Wednesday, September 20, 2023

It's a Wrap! The Twill Gamp Dishtowels Are Done

My three dishtowels are off the loom, wet finished, and hemmed. I have to say that this was a great first project for my return to weaving. I learned that a gamp is definitely an interesting way to explore possibilities. I can see why weavers can spend months weaving them. I'd say gamps are the very best in sampling options. It's fascinating to see the patterns revealed pick by pick, how the colors interact, and be able to compare the different patterns side by side. 

Here are some close-ups of each of the towels.

Towel #1: Same color for both warp and weft gave let me see the textures.

Towel #2: Different color weft was good to see color interactions.

Towel #3: Overshot manner gave a completely different look to it.

Finishing them off, I realized the impact of having them in hand. When I look at a photograph of handwoven fabric, I see it. When I hold the actual fabric, I experience it. Does that make sense?

Notes and Observations

  • I knew the draw-in for the various twill samples would vary, but it's acceptable.
  • The draw-in for the overshot fashion towel was consistent for the length of the towel, however.
  • Even though my favorite is the towel woven in overshot fashion, overshot is not something I am drawn to exploring. It doesn't spark my interest.
  • I experimented trying to get the squares square, but I failed, I fear. With towel #1, I tried to weave each weft section a quarter inch longer than the square width. The other two, I made the same number of weft picks (threads) as warp ends (threads). My observation is that the different patterns react differently in their draw-in, take-up, and shrinkage.
  • All the obvious random warp tension issues seemed to work themselves out with wet finishing.
  • Hemming. I need to weave more between the towels for hemming, from now on.
I really like several of the individual woven samples in the towels. I'll get pics of them and make a draft for each, to file away for future projects.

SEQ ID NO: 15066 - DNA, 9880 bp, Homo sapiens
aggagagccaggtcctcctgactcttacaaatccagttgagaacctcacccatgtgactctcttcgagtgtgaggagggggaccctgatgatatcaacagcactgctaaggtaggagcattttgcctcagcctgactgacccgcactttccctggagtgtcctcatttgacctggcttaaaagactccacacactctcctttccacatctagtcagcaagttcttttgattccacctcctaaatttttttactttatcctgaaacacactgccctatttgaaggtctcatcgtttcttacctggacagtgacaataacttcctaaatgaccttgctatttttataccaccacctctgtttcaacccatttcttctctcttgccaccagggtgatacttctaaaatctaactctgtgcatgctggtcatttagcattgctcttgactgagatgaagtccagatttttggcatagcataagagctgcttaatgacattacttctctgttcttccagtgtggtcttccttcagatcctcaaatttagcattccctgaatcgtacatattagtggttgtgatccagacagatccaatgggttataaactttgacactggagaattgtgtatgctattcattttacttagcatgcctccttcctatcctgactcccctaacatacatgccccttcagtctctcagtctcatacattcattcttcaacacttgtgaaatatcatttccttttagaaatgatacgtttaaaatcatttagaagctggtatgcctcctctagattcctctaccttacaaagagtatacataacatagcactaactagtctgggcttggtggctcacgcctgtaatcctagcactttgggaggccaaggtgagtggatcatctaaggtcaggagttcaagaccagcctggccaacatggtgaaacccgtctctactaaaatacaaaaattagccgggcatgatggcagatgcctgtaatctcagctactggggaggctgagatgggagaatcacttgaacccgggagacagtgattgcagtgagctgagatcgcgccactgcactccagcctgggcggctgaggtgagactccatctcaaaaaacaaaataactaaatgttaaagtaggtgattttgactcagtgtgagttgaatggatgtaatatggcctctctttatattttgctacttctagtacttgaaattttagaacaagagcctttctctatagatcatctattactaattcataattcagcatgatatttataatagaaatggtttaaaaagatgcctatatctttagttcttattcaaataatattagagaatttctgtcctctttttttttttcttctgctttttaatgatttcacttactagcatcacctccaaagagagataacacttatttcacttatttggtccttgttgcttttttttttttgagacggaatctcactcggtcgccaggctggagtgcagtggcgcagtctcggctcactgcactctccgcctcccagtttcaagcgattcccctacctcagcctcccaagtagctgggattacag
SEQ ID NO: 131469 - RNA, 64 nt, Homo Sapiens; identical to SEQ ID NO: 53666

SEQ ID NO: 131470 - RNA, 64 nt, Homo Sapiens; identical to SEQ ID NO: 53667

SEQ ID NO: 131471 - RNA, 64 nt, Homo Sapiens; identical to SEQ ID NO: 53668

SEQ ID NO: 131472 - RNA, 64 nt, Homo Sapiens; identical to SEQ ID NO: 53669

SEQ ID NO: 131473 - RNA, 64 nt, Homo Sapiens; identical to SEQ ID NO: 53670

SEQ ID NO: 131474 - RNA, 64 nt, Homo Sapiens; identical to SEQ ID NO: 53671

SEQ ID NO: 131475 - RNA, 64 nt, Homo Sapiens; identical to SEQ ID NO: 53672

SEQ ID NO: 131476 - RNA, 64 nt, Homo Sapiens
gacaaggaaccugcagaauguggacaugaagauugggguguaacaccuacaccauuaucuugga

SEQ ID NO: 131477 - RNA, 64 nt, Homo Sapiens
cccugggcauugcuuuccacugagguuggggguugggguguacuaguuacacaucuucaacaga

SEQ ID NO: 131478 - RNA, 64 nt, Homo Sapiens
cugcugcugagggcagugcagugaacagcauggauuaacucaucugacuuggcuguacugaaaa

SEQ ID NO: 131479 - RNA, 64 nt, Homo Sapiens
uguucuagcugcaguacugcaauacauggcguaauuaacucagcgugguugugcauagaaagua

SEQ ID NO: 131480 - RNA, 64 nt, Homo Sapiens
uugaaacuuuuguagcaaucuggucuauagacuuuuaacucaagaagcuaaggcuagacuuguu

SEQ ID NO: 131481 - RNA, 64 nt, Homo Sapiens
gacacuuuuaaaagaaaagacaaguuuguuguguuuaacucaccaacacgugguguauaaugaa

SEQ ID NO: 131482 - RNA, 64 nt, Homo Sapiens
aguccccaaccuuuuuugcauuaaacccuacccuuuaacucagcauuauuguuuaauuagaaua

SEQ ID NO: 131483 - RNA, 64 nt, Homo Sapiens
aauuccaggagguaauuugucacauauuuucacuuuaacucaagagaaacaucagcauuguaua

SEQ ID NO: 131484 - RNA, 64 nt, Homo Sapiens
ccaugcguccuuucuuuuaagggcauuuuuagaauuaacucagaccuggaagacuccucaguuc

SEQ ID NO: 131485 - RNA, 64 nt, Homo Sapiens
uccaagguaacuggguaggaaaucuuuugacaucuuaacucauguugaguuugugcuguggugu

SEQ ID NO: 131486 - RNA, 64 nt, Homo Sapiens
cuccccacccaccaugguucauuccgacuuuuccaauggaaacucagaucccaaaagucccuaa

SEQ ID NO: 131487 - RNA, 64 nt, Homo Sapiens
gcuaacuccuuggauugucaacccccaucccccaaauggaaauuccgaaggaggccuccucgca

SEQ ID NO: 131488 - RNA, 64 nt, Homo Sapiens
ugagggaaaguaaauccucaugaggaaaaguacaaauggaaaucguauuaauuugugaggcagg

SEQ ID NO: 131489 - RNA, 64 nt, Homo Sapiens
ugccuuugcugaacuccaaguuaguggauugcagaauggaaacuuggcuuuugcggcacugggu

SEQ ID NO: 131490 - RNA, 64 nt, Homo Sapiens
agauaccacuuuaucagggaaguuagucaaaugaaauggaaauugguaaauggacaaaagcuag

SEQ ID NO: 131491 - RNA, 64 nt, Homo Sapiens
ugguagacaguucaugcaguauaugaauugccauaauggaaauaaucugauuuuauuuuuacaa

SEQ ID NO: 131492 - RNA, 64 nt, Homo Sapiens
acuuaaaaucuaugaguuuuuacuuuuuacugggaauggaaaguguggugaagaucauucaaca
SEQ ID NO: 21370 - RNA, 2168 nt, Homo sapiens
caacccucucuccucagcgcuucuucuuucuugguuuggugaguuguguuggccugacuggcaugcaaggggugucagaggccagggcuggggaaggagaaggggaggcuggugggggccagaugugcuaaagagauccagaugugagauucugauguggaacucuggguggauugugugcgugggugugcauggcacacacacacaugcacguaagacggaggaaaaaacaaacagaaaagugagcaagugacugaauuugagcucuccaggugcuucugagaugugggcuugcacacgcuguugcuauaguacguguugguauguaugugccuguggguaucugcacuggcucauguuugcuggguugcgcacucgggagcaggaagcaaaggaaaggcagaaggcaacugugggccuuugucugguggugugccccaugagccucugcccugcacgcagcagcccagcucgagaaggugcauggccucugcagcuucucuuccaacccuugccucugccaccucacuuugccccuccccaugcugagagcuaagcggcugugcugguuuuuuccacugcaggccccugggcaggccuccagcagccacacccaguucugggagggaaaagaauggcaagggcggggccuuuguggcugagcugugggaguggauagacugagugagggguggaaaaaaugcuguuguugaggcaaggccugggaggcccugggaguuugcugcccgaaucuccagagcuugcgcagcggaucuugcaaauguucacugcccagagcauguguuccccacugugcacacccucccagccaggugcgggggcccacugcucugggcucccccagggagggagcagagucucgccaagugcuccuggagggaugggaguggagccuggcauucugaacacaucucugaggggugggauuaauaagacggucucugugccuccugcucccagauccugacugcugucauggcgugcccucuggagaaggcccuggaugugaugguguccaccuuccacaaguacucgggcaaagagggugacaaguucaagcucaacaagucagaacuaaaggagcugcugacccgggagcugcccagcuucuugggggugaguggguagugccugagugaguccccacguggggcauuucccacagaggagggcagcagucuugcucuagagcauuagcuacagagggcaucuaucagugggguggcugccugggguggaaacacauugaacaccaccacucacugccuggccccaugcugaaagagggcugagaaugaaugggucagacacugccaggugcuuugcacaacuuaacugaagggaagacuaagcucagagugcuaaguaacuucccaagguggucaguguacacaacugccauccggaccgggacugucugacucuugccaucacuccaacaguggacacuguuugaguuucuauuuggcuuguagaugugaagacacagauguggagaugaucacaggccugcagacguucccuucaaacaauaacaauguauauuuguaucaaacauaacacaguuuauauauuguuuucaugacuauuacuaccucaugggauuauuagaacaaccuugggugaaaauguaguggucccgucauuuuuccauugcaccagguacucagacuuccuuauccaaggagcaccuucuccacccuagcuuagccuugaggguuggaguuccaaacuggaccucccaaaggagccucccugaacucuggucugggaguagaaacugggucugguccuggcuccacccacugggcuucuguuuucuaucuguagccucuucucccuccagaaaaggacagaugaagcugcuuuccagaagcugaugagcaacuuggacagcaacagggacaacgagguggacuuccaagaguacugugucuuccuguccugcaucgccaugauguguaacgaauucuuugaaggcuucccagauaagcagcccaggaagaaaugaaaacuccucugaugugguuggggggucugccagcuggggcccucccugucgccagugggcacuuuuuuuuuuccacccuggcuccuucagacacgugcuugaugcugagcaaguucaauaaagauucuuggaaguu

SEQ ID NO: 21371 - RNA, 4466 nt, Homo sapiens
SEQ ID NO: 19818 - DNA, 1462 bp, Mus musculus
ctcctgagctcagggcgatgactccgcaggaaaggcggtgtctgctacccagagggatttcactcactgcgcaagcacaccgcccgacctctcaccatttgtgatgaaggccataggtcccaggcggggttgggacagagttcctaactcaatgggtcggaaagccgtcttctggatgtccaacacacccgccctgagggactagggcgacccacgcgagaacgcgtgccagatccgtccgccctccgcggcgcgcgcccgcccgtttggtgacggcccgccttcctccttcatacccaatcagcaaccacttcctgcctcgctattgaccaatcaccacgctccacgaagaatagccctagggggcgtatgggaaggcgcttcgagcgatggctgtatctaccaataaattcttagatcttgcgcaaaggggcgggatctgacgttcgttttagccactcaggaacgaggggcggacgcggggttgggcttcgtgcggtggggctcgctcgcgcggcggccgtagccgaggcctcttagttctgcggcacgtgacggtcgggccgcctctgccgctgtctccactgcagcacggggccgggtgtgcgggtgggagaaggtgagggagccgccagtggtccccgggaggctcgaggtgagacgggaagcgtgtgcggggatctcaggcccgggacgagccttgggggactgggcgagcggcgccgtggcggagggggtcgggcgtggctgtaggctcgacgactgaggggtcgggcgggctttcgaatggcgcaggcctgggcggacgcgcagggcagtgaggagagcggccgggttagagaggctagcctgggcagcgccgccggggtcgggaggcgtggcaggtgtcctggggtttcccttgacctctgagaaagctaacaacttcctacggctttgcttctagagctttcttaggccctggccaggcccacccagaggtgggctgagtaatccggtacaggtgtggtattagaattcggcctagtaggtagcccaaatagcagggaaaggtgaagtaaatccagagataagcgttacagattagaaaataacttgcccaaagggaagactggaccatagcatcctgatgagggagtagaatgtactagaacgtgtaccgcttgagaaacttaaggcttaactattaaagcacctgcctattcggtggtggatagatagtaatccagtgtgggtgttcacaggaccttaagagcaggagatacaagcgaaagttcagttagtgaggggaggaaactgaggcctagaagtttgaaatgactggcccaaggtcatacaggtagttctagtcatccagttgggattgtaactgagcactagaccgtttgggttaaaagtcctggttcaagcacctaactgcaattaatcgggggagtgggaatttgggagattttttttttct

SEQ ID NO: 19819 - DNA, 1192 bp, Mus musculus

Michelle said...

They are beautiful, and I'll bet will be so satisfying to use!

Leigh said...

Michelle, thank you! There is something profoundly satisfying about using the work of one's hands. :)

CM said...

They seem too pretty to use! Could you keep them for display? The weight also seems great for a light blanket, if you end up making more samples and can piece them together.

Leigh said...

CM, ha! I've thought the same thing about using them for display. Two of them, though, will likely become gifts. The last I may put on my wall. Gamps are a fantastic way to explore and record a multitude of weave possibilities.

I hadn't thought about a blanket, but you're correct that they are a good weight for that. Piecing them together quilt fashion is a great idea (and perfect for table loom projects).

CM said...

The gifts are a great idea. There were a couple of samplers hanging in my house growing up that a relative made, and seeing them every day made them part of "home." As a really little kid, I also liked looking at the different patterns.

Leigh said...

CM, that's a good point about exposing children to the beauty of handcrafted work. I know my great-grandmother's quilts and quilting inspired me in the beginning.